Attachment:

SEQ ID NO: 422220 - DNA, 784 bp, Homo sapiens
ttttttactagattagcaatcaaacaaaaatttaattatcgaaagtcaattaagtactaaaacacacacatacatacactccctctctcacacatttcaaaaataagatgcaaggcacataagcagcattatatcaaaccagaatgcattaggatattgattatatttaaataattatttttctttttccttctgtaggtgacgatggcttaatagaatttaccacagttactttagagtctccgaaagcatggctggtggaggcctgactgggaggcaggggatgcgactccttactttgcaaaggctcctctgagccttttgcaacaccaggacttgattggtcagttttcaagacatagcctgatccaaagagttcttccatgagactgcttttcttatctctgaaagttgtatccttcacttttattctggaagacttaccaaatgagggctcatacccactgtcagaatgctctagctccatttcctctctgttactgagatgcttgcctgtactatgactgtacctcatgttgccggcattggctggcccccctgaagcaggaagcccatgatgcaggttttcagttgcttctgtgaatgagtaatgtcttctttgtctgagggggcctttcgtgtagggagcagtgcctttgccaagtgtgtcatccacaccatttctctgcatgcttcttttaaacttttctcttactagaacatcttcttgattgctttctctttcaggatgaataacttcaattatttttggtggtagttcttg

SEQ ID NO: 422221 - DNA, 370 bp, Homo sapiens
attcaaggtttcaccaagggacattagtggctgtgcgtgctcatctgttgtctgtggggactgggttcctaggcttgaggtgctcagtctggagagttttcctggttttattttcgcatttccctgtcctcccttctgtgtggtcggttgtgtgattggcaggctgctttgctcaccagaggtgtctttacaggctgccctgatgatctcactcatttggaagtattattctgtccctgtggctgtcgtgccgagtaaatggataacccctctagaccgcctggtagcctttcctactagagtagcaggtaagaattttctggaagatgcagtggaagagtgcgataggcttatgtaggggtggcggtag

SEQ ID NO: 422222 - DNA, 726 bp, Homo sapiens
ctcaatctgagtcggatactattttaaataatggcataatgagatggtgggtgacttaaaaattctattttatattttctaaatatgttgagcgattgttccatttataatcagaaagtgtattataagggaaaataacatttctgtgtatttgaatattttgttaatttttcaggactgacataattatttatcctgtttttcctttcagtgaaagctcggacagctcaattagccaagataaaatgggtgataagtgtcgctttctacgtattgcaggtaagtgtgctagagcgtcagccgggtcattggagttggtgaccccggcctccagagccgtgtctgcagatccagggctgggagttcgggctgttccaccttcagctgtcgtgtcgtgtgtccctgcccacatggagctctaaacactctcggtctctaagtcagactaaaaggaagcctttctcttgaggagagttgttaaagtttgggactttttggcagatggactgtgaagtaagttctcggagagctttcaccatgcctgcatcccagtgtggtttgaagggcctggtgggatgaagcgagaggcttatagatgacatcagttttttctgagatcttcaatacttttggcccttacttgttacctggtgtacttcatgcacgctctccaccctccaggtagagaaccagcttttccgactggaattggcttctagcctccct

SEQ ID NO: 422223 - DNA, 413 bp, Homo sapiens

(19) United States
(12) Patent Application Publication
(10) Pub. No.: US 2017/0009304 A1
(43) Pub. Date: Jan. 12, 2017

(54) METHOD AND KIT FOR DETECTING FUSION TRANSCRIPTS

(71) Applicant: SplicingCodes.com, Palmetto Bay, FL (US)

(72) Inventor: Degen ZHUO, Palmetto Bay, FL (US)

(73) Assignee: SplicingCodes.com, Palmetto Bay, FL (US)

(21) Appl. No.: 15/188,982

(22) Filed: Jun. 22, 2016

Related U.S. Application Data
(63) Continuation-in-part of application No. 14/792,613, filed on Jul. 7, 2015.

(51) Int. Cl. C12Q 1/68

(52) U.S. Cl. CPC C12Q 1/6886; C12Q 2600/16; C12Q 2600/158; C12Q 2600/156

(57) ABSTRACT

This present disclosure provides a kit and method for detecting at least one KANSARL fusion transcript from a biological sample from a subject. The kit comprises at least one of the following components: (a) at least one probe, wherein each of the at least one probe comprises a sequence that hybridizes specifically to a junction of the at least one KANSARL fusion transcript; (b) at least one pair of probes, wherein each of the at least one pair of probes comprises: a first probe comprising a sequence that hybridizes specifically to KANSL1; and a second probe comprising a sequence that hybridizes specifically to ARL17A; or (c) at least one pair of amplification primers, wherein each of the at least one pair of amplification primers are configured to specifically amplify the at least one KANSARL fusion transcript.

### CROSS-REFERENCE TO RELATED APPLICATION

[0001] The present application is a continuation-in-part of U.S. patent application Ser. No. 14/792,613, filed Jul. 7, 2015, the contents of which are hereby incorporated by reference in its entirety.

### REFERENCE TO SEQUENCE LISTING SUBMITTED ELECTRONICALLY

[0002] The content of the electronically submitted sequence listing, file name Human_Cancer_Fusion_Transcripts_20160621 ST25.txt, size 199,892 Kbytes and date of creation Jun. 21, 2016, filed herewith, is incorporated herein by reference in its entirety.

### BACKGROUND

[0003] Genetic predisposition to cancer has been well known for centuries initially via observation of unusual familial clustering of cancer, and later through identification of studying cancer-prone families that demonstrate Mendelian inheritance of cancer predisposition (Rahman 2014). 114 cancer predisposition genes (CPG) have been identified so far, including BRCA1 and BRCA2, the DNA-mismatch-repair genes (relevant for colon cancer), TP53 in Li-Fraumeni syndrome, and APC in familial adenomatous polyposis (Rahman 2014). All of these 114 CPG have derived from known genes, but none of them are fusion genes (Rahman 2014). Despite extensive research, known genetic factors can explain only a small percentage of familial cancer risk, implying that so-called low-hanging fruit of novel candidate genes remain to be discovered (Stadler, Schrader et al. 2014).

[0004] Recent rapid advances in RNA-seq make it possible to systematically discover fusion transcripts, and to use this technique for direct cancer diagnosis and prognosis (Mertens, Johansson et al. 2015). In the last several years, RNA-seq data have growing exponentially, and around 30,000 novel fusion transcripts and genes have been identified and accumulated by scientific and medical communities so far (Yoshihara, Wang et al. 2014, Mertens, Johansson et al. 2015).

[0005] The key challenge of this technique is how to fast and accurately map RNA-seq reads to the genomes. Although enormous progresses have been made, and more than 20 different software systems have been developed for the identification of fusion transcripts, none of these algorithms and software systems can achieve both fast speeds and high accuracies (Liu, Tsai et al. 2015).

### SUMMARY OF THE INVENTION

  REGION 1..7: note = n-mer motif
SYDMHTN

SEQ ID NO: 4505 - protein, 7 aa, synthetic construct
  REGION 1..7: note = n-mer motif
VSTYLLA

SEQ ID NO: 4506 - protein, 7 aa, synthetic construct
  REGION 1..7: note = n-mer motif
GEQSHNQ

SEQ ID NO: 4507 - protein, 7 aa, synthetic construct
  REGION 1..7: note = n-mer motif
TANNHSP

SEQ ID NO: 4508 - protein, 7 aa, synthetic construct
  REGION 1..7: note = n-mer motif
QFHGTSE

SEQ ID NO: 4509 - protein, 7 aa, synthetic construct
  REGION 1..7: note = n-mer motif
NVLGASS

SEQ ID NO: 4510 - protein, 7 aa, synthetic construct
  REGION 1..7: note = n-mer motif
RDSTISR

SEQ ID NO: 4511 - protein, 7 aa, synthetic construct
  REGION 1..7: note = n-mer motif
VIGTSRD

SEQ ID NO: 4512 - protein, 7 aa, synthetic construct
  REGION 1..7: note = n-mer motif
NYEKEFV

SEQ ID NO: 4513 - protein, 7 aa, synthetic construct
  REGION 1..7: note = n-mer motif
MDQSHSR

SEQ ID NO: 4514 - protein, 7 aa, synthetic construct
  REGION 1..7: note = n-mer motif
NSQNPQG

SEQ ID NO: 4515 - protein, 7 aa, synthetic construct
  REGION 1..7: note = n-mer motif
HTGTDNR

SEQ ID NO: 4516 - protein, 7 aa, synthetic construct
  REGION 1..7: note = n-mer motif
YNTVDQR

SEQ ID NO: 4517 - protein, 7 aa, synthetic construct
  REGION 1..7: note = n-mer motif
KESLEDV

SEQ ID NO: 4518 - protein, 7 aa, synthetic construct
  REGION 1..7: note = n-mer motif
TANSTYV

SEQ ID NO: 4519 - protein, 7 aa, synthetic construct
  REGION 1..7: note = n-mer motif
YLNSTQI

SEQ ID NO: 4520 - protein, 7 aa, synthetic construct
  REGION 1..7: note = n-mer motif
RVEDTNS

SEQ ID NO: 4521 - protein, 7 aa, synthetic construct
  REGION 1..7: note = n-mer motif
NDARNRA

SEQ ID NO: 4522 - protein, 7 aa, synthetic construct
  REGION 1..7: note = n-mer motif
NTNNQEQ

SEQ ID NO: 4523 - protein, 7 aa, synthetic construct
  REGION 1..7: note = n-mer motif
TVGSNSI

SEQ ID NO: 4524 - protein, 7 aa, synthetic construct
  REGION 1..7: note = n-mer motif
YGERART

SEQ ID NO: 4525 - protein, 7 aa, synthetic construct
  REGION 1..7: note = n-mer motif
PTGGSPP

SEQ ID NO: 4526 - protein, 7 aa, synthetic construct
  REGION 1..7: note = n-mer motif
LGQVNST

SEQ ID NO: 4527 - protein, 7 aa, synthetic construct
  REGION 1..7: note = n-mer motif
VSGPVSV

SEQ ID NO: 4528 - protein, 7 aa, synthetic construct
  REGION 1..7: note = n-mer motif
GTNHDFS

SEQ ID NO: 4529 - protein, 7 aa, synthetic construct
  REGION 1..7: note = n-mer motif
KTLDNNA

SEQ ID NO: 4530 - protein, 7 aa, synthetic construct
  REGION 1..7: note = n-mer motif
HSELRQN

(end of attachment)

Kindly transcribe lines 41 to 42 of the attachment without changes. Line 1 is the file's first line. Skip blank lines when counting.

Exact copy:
SEQ ID NO: 4507 - protein, 7 aa, synthetic construct
  REGION 1..7: note = n-mer motif